You can typically get these transcripts through an appellate attorney if there was one involved in your case. If there wasn’t an appellate attorney present in your case, then you can get the transcripts directly from the court. In the instance that the transcripts were never made in the first place, you can request them to be made. Suppose you went through the plea process but never appealed.
In this situation, no transcripts would have been made. You can ask that those transcripts be made by requesting them from the court reporter. These transcripts do have a cost; however, the court will generate the transcripts at your request and bill you for them. There is a minor exemption from the payment, however: People who are indigent are entitled to get the transcripts done for them for free, but that’s only if they have already filed the 2255 motion and are afterward declared indigent for the purposes of obtaining the transcripts.
Get The Prosecutors File
The final recordset you will want to retrieve is the prosecutor’s file. They will at least have the same amount of discovery materials as the defense file has, but occasionally there will be more materials. If this occurs it may be worth considering claiming Brady evidence as a ground.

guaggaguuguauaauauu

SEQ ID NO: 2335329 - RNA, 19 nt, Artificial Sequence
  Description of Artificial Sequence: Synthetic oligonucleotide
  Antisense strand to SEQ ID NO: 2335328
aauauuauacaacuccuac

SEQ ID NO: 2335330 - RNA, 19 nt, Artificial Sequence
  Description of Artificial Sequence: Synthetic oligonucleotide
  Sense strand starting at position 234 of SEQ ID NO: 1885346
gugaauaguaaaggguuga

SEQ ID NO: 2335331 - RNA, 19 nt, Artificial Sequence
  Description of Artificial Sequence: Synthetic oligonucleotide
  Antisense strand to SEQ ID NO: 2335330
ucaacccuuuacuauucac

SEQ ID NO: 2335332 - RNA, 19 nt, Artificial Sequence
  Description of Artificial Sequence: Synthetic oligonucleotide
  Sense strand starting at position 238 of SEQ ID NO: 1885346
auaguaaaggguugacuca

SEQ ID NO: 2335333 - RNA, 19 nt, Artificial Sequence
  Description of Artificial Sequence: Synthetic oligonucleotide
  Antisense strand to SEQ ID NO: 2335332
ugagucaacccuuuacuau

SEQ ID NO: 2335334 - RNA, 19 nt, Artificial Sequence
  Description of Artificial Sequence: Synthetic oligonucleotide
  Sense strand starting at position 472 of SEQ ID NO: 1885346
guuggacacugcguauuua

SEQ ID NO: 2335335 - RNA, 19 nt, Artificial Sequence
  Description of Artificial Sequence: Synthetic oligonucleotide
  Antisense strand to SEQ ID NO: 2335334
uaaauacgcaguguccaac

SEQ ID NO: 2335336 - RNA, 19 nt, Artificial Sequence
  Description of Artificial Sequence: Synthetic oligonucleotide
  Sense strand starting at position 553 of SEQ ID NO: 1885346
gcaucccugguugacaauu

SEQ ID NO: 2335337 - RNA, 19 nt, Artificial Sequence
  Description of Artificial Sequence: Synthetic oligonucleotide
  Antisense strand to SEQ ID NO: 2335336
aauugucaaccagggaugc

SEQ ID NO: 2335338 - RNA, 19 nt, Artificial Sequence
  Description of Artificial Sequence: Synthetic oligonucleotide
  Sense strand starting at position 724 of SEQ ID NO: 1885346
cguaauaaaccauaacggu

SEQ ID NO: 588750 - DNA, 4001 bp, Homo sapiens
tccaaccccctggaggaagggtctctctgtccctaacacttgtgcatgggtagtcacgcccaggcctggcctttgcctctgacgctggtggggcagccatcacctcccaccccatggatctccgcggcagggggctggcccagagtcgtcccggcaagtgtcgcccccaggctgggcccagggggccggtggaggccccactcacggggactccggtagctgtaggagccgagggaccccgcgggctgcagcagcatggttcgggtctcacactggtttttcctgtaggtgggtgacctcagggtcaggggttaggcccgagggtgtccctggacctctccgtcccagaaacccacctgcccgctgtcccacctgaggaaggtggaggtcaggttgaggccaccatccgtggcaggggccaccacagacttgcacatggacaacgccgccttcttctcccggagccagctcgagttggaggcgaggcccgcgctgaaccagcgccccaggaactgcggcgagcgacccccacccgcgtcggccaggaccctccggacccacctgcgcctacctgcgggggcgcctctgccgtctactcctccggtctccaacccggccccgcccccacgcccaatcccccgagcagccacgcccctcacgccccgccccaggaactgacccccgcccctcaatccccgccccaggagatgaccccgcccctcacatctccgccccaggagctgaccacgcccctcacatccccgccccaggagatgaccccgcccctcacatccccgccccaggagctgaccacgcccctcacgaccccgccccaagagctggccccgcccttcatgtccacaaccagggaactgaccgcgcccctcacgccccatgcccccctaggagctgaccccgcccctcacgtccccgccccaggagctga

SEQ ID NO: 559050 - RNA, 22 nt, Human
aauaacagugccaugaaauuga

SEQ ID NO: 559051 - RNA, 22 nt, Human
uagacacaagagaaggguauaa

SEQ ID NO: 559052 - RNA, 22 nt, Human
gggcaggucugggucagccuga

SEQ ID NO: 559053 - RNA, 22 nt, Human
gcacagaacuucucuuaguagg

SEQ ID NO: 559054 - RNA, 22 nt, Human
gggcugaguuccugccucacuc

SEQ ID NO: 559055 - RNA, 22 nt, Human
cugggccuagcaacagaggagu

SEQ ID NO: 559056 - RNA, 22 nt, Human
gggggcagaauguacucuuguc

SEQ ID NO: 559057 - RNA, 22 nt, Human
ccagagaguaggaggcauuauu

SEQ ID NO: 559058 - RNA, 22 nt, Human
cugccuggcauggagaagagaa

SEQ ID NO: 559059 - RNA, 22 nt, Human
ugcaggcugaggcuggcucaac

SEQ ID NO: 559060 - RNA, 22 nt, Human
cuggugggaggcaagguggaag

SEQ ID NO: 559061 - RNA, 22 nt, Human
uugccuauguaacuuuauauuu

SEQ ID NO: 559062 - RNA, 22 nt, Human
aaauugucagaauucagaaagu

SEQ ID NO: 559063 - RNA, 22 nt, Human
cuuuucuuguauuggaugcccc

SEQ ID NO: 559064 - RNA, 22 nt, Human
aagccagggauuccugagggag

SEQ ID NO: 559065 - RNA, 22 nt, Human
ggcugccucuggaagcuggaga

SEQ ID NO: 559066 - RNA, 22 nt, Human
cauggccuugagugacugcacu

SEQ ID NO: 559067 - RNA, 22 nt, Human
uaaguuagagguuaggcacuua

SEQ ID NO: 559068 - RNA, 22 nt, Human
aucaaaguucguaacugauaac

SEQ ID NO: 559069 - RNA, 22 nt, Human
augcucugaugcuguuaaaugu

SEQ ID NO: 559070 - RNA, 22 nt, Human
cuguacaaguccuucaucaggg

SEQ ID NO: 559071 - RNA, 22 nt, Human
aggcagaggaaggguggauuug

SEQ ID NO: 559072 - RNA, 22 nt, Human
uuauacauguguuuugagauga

Claiming Brady evidence simply means you are claiming that the prosecution withheld exculpatory evidence that would have helped you defend yourself, or that they withheld evidence that would have helped lessen your punishment had you had access to the withheld documents or information. For this reason, access to these files is an absolute necessity.
Getting access to the prosecutor’s file is usually done through a Freedom of Information Act request. You can make this type of request to the actual agencies who investigated you, or you can request the information from the U.S. Attorney’s Office that prosecuted you.
There are some timelines for them to respond, and there are certain things that they can withhold in the foyer responses, so the entire process is something that you will have to navigate through efficiently to achieve the best results.
Do not file your 2255 Writ without gathering every record that you can access, or your chances of success will decrease and you are less likely to be granted relief.
If you cannot collect a record you need access to for any reason, you can request the court to compel certain parties to bring their records so that you can use them, but it’s always best to collect as many records as possible upfront to have the best chance in your case.
Public Access to Court Electronic Records PACER
About The Attorney
Jacob Blizzard is board certified in both criminal law and criminal appellate law.
He regularly practices in the areas of state and federal criminal defense, criminal appeals, post conviction writs of habeas corpus.
In Texas, there are more than 100,000 attorneys licensed to practice, but only 7,450 are board certified.
In the entire State of Texas, as of the 2019 certification year, there were only 87 attorneys board certified in both criminal law and criminal appellate law, making Mr. Blizzard one of 0.087% of attorneys in Texas to hold both of those certifications.